LucasArts was kicking around a bunch of ideas for Star Wars video games in the mid-2000s, one of which would have cast the player as a Skywalker and pitted him against a Solo, reports Cinelinx.
[Warning: The following contains spoilers for Star Wars: The Force Awakens.]
The book Rogue Leaders: The Story of LucasArts, published in November 2008, included numerous logos for Star Wars games that never made it past the pitch process. One of those projects was a game called Star Wars Episode VII: Shadows of the Sith, which LucasArts creative director Haden Blackman came up with in late 2004. Note that that's well before the May 2005 premiere of Star Wars Episode III: Revenge of the Sith, which, at the time, George Lucas said would be the final Star Wars film.
"In late 2004, we were focus testing/developing a ton of different concepts — over two dozen in all over about a 6 month period," Blackman told Cinelinx. He said the focus testing that LucasArts conducted confirmed what the studio knew: Gamers wanted to play as a Jedi and use the Force.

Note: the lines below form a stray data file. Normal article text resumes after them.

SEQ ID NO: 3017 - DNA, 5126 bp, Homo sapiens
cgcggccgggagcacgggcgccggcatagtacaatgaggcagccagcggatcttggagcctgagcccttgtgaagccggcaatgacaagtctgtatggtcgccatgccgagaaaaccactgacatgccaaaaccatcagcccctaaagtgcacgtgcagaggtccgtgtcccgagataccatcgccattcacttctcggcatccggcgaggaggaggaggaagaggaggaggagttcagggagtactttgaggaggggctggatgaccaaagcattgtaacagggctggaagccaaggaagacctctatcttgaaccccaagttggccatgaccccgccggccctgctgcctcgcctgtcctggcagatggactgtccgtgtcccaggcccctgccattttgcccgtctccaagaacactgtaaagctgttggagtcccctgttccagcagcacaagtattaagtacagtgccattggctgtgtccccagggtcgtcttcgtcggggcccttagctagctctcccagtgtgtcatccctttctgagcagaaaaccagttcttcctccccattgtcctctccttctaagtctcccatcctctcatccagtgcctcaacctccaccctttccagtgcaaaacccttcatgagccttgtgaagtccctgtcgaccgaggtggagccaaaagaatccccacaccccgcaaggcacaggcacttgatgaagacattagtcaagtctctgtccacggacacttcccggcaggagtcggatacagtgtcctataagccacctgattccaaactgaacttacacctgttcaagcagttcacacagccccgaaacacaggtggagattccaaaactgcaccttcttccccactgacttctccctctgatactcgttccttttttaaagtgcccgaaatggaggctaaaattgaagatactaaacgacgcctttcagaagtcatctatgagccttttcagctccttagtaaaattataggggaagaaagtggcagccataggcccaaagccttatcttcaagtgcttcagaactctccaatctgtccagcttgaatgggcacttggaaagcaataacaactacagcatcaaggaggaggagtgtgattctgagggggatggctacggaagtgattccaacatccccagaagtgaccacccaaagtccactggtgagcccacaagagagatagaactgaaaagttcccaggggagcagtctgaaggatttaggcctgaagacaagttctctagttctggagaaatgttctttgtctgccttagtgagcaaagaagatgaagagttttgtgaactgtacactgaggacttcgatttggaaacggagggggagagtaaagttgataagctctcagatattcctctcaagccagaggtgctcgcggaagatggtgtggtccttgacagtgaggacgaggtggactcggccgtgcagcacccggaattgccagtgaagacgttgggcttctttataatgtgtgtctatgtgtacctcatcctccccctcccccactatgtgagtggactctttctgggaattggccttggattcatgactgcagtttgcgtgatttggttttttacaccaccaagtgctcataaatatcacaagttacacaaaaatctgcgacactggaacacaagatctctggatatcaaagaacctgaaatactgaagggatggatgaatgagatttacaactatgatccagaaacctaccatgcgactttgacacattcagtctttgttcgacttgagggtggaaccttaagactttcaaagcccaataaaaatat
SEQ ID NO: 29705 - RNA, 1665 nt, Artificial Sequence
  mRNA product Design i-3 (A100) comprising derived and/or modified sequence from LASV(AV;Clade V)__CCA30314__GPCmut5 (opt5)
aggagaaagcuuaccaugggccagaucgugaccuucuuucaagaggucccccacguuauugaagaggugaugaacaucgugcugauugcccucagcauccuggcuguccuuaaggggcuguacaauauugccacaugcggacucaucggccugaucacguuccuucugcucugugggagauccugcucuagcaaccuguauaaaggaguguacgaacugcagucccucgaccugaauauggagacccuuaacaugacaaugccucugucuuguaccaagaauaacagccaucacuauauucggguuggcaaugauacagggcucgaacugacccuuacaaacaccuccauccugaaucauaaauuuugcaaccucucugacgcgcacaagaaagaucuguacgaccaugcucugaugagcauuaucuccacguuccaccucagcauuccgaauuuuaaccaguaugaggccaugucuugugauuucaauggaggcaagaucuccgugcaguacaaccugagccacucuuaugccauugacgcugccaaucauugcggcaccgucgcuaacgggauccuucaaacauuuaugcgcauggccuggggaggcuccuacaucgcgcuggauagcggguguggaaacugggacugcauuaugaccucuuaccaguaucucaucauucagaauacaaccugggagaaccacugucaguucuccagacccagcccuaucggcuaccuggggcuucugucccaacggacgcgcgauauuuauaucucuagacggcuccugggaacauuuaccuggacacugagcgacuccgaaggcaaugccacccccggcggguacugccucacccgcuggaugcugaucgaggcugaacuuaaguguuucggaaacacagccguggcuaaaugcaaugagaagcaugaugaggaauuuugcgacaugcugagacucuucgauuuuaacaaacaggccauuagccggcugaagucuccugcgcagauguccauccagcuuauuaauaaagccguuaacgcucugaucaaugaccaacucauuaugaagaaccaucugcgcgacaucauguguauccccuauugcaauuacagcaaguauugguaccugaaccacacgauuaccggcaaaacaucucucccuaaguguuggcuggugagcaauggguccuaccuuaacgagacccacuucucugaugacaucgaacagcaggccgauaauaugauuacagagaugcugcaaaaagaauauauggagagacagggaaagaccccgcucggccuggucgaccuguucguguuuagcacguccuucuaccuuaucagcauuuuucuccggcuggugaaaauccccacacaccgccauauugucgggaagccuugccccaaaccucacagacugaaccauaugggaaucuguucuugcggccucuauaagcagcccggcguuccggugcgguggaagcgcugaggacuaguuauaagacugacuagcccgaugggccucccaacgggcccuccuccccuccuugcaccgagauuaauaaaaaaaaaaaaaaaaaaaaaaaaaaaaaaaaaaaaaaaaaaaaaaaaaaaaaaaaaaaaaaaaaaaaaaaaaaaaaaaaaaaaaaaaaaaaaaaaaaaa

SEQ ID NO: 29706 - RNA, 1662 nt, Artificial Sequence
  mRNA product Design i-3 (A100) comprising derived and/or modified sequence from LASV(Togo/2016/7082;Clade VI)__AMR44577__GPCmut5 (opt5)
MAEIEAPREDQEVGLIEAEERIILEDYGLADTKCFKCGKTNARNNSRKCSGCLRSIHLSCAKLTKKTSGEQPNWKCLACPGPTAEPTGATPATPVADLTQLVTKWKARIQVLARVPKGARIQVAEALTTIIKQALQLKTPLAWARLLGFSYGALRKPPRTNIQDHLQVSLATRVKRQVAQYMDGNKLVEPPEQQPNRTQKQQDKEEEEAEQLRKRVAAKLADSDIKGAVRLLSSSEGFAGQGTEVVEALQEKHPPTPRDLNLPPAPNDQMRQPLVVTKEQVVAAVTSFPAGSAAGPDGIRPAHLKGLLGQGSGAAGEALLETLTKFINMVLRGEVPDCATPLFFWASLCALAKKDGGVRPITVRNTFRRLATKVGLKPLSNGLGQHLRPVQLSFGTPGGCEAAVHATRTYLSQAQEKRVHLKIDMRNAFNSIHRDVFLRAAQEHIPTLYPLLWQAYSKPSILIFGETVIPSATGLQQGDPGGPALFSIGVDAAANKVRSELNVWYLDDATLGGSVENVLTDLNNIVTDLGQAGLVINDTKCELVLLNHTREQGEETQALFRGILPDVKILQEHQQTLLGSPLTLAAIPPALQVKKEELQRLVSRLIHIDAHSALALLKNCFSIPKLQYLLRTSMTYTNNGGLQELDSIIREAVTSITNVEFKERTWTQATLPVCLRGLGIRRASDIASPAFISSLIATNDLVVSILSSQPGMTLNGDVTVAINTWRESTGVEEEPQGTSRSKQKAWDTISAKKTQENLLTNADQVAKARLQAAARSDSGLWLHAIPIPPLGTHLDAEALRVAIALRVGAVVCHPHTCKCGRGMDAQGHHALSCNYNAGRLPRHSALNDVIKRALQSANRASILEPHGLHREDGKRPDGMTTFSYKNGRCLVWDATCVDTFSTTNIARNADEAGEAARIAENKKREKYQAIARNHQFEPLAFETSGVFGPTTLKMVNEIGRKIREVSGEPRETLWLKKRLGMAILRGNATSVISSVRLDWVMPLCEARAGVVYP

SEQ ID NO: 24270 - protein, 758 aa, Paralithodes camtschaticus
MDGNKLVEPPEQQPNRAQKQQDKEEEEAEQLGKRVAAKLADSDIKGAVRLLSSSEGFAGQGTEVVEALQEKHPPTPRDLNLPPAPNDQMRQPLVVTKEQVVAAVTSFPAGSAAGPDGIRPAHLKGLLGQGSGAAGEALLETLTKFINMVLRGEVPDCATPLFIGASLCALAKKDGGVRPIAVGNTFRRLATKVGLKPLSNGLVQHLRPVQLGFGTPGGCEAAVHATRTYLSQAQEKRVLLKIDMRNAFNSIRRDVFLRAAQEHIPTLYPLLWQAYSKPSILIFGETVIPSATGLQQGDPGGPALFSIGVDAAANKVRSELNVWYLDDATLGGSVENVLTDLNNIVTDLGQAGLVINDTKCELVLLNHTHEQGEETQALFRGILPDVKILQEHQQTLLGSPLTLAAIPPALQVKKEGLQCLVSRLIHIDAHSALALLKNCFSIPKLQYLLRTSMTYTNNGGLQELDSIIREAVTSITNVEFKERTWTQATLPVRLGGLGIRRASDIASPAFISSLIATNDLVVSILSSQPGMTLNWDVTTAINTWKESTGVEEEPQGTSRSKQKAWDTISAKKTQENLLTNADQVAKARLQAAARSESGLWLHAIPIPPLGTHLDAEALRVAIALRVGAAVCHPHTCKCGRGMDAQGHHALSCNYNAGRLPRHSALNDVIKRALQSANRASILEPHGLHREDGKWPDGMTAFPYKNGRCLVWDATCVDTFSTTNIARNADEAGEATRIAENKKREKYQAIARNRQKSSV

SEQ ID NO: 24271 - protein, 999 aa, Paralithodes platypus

So Blackman put together a brief description for Shadows of the Sith, a game that "would have put you in the role of an adult Ben Skywalker." In the Star Wars Expanded Universe — which Disney, following its October 2012 acquisition of Lucasfilm, declared as non-canon — Ben Skywalker was Luke Skywalker's son with Mara Jade Skywalker.
Ben Skywalker would have been "walking the line between the light and dark sides of the Force, unleashing new Force powers never-before-seen in games or movies as he investigated a new threat to the galaxy," said Blackman. That evil figure, by the way? "A Solo," according to Blackman — so that's one thing that the Episode VII game would've had in common with the eventual Episode VII film, Star Wars: The Force Awakens.
While Shadows of the Sith itself didn't get off the ground, Blackman said LucasArts ended up using its concepts — wielding Force powers, and playing on the Light and Dark sides of the Force — in the studio's two Star Wars: The Force Unleashed games. Disney shut down LucasArts in April 2013, about six months after acquiring Lucasfilm.